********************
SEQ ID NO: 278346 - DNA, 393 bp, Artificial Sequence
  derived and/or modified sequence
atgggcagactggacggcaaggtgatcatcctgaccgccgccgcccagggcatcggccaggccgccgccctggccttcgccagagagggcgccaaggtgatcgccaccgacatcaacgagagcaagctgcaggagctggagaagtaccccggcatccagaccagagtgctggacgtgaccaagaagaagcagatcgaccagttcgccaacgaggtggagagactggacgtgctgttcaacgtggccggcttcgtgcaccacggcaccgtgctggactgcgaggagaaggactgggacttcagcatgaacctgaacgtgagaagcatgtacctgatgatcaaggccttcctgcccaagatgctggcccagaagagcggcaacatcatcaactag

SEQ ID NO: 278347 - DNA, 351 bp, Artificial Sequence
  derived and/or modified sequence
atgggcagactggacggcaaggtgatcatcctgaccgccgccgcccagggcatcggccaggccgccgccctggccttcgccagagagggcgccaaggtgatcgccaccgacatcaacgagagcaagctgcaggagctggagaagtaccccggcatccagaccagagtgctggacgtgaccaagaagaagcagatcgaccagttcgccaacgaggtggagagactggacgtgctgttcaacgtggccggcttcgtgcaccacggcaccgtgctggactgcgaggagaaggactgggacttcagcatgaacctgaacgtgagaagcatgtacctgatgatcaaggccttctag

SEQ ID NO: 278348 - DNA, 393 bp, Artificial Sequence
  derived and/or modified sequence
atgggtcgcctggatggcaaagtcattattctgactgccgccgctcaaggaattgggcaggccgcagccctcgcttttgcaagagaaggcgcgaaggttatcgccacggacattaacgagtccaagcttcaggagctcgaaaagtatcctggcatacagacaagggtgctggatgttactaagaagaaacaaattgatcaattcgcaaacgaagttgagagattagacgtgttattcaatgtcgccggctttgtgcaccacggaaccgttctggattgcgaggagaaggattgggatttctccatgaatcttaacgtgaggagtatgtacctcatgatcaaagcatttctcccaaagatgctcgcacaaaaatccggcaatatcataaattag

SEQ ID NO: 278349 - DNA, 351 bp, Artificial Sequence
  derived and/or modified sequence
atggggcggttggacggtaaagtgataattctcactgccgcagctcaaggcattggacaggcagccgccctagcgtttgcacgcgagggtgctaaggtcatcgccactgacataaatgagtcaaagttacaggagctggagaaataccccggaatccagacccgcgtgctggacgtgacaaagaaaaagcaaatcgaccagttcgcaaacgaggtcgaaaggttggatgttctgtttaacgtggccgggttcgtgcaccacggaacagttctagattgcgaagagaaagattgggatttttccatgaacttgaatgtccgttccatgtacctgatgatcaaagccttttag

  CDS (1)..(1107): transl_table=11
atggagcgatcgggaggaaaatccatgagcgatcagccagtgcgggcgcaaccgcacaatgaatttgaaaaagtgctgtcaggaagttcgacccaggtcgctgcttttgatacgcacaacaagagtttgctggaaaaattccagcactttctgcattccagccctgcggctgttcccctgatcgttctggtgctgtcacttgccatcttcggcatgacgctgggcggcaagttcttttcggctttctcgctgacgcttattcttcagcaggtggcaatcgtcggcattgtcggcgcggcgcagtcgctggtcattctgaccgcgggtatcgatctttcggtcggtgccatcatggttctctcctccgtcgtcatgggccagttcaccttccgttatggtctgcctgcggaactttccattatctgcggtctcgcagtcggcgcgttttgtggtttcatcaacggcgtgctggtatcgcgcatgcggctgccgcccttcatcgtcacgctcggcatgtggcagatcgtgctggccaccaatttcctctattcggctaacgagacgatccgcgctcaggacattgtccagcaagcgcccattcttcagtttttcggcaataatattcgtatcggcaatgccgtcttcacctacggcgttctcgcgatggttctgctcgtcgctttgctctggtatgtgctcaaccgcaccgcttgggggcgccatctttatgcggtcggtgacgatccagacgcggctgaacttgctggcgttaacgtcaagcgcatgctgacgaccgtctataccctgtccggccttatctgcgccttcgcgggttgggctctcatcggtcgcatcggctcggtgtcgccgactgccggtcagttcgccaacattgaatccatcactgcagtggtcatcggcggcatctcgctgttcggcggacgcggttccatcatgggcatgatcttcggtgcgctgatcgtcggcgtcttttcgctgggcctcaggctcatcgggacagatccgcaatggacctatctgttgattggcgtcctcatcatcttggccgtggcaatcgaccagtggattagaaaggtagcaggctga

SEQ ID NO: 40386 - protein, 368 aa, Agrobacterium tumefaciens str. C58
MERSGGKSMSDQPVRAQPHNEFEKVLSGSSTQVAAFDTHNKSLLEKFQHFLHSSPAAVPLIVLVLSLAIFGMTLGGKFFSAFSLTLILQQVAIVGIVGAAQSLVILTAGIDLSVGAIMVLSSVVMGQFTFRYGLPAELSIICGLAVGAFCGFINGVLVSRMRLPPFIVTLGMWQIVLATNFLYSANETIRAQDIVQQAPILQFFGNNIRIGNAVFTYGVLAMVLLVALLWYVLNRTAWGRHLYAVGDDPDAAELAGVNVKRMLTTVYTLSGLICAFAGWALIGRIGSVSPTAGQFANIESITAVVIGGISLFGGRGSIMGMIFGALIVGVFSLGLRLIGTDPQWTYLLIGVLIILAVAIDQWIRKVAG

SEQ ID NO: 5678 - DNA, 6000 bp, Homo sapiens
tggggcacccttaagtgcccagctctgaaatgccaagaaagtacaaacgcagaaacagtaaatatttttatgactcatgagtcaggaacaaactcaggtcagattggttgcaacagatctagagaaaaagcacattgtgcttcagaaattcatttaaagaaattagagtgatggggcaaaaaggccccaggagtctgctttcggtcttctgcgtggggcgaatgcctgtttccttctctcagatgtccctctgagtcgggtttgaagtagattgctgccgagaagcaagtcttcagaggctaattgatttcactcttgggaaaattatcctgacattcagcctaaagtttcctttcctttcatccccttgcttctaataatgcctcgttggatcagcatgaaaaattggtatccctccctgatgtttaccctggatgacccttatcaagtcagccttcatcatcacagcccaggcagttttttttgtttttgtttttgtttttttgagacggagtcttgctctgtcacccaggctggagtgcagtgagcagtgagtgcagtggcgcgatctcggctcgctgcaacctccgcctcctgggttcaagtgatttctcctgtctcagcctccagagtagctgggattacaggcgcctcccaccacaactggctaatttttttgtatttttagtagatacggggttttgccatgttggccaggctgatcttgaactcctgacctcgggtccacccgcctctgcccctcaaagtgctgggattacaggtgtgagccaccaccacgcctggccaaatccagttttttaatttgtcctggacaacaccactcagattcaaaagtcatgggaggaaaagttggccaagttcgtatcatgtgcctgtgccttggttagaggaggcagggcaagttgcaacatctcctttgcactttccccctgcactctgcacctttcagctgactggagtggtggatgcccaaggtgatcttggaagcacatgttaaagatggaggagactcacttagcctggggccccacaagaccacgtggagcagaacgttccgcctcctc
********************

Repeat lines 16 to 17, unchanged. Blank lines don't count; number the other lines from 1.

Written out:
MERSGGKSMSDQPVRAQPHNEFEKVLSGSSTQVAAFDTHNKSLLEKFQHFLHSSPAAVPLIVLVLSLAIFGMTLGGKFFSAFSLTLILQQVAIVGIVGAAQSLVILTAGIDLSVGAIMVLSSVVMGQFTFRYGLPAELSIICGLAVGAFCGFINGVLVSRMRLPPFIVTLGMWQIVLATNFLYSANETIRAQDIVQQAPILQFFGNNIRIGNAVFTYGVLAMVLLVALLWYVLNRTAWGRHLYAVGDDPDAAELAGVNVKRMLTTVYTLSGLICAFAGWALIGRIGSVSPTAGQFANIESITAVVIGGISLFGGRGSIMGMIFGALIVGVFSLGLRLIGTDPQWTYLLIGVLIILAVAIDQWIRKVAG

SEQ ID NO: 5678 - DNA, 6000 bp, Homo sapiens